Adoption of Animals

1817 Words4 Pages

Adoption of Animals

Anyone, who visits an animal shelter, as I do, sees an extraordinary number of beautiful, affectionate, and desperate dogs and cats. The majority of animals in any particular shelter are dogs, usually adults, for whom there aren't enough adoptive homes waiting. A few may have come from responsible breeders, whose owners do not realize that the breeder will take them back,many are those who are lost, and/or from owners who simply got tired of them. Some are pet shop puppies from a puppy mill that did not meet the owner's expectations due to health, temperament, or other reasons. A large number usually turn out to be the result of deliberate and irresponsible home breeding. These people are known as "back-yard breeders." And that is not a compliment.

The bottom line is that most people who decide to purchase or adopt a companion animal simply do not realize the responsibility they will be taking on for the next one to fifteen (+) years. It is not fair to say that most people do not have good intentions in their decision to acquire a pet, especially those who rescue an unwanted pet from a neighborhood shelter. What is important is that people become educated about the acquisition of a new pet and the responsibilities that accompany the addition. When rescuing an animal from a shelter or humane society, it is required that the owner spays or neuters the pet within thirty days of date of adoption. Usually, a portion of the fees acquired at the time of adoption is used for the spay/neuter surgery. Thomas Shermerhorn,VMD acknowledges that dogs and cats can be spayed quite early (about 8-10 weeks) without the risk of any long-term problems-well before the first heat, which usually happens about six months of a...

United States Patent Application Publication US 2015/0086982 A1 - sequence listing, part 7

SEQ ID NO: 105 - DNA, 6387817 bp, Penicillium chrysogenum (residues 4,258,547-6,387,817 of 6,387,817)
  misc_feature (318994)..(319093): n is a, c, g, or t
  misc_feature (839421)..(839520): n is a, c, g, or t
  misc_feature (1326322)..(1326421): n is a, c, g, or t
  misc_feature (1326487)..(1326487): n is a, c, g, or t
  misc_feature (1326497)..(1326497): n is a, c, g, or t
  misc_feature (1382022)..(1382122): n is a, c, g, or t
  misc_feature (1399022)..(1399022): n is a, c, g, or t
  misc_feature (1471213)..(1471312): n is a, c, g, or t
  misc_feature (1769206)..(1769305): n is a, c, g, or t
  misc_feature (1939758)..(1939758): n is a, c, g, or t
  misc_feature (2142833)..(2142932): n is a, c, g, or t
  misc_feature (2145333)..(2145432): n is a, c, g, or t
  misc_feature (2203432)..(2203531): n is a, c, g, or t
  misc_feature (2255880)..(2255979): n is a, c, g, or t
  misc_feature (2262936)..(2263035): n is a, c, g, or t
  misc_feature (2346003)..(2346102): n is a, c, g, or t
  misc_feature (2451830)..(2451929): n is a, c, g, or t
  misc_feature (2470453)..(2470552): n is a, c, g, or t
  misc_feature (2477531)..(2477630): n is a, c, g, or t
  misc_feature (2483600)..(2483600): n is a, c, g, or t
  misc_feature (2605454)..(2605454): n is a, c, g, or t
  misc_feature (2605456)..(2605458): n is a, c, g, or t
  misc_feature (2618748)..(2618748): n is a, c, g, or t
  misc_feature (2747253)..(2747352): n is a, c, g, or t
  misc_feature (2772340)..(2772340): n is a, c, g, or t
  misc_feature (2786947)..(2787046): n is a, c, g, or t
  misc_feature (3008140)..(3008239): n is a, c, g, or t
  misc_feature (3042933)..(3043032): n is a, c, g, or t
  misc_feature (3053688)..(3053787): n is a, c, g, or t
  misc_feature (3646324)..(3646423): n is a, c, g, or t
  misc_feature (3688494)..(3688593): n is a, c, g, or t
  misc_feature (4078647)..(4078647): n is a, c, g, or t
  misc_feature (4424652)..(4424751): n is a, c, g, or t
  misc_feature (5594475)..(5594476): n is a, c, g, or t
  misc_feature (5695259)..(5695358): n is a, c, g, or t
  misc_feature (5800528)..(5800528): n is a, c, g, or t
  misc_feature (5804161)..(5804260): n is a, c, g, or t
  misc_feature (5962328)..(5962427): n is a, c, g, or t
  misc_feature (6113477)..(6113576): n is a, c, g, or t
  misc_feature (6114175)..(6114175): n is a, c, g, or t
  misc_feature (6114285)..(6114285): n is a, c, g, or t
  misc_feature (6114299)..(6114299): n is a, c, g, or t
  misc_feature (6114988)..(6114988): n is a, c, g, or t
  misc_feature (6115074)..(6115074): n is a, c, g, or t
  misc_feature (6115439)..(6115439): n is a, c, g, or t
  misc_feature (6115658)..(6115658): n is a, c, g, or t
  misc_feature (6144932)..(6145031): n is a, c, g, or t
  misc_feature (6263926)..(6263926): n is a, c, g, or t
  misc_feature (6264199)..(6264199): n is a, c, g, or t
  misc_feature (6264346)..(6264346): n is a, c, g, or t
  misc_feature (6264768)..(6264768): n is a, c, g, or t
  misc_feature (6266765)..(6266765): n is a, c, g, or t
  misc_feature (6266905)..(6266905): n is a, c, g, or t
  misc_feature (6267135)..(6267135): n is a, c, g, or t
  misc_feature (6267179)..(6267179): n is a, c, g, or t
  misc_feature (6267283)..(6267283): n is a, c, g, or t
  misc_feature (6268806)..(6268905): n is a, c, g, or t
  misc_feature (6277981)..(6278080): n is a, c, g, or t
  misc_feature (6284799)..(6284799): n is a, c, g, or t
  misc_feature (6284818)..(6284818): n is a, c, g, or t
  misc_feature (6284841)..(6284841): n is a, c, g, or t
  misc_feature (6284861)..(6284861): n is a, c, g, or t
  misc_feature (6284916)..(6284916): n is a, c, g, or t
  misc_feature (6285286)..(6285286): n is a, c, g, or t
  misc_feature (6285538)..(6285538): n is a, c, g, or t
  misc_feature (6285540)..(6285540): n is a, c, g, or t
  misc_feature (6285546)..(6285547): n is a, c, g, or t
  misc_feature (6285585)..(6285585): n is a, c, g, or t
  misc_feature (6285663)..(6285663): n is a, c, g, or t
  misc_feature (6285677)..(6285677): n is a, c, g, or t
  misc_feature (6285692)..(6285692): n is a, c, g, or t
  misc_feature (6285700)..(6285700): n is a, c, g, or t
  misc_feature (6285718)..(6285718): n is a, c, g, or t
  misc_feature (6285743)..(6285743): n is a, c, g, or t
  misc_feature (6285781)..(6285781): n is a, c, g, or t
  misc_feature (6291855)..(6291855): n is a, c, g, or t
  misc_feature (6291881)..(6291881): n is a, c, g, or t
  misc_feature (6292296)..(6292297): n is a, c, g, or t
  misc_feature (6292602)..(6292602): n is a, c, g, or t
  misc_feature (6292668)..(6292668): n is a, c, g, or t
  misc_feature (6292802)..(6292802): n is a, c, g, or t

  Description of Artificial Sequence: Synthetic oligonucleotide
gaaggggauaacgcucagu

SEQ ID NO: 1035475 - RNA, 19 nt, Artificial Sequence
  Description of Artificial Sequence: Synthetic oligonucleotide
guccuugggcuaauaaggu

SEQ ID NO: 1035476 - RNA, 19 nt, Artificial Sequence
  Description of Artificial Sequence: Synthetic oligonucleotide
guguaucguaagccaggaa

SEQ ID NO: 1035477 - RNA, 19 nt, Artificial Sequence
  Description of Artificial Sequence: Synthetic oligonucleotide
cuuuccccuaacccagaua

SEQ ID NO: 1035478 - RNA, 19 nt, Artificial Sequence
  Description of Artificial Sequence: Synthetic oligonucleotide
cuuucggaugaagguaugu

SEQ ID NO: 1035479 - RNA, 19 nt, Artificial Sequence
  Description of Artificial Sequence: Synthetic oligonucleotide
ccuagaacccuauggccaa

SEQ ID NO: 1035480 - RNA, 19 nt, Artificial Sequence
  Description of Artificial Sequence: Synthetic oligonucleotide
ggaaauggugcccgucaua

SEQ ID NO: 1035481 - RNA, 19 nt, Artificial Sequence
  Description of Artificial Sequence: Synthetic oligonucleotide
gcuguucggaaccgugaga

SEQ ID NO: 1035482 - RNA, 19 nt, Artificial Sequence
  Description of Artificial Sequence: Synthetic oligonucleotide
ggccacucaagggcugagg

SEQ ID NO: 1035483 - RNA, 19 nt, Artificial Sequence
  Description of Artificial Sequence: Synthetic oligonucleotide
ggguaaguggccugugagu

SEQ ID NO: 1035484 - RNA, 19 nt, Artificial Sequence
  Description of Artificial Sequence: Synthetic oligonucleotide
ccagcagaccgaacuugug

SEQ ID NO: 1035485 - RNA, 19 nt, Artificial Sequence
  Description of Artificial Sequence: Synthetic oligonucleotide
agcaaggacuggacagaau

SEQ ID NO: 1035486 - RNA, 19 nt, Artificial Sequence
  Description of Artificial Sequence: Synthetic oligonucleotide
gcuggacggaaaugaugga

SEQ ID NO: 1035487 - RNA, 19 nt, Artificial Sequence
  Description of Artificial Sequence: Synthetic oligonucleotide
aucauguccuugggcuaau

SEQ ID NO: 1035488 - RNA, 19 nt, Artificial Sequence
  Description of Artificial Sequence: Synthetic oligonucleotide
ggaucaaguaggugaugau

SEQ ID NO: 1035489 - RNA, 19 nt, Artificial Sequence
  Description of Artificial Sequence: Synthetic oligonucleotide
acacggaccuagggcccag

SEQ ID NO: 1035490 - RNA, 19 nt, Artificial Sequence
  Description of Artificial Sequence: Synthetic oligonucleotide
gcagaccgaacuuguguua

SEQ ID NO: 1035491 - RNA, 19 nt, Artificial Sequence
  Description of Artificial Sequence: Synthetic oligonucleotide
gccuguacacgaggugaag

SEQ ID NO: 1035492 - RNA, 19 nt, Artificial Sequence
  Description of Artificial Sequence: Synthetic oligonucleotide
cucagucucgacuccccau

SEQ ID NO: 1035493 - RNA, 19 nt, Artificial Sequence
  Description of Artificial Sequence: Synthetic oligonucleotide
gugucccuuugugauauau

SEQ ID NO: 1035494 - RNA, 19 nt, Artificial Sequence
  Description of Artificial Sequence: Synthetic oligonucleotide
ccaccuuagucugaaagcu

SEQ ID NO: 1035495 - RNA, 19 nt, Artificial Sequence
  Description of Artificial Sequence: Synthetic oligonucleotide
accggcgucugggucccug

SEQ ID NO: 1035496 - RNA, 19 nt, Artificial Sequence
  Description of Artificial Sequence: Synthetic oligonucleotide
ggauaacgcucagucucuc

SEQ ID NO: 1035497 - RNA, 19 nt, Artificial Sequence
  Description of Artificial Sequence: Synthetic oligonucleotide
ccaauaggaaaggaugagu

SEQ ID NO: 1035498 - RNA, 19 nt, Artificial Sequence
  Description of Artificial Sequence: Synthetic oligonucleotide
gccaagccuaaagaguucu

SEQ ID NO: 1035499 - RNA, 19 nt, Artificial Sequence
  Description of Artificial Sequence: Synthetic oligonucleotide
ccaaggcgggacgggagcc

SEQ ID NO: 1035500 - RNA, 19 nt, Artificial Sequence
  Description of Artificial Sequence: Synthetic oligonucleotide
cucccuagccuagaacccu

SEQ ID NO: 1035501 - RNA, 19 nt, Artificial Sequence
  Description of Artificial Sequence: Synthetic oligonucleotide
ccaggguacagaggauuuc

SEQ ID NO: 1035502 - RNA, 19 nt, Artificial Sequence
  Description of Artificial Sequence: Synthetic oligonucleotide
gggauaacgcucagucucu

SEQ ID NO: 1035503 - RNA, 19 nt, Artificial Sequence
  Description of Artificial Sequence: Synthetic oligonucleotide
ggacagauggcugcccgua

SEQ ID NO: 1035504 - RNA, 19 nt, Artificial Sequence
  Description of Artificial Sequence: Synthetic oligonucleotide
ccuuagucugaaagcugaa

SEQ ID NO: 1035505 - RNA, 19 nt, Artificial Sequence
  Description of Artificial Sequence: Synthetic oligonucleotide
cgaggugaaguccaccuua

... middle of paper ...

...list of courses. 6 Dec. 1999. Information and advocacy Web site.

Accurate and current reporting on legislation and humane issues.

Extensive amount of links.

"Humane Education Network: A Voice for Animals." Home Page. 27 Mar. 1999

6 Dec. 1999. Relevant and accurate information about animal

welfare. Relevant links to other on-line educational sites.

"National Association for Humane and Environmental Education."

Community Outreach and Teacher Training. Home Page. 6 Dec. 1999.

Extensive and excellent resources for teachers, parents.

Information, advocacy, and educational site. Excellent links.

"Zoo to You Online." Non-profit organization formed to help educate

Students. 6 Sep. 1999. 5 Dec 1999. Information site dedicated

to linking schools with on-line educational and resource communities.

Open Document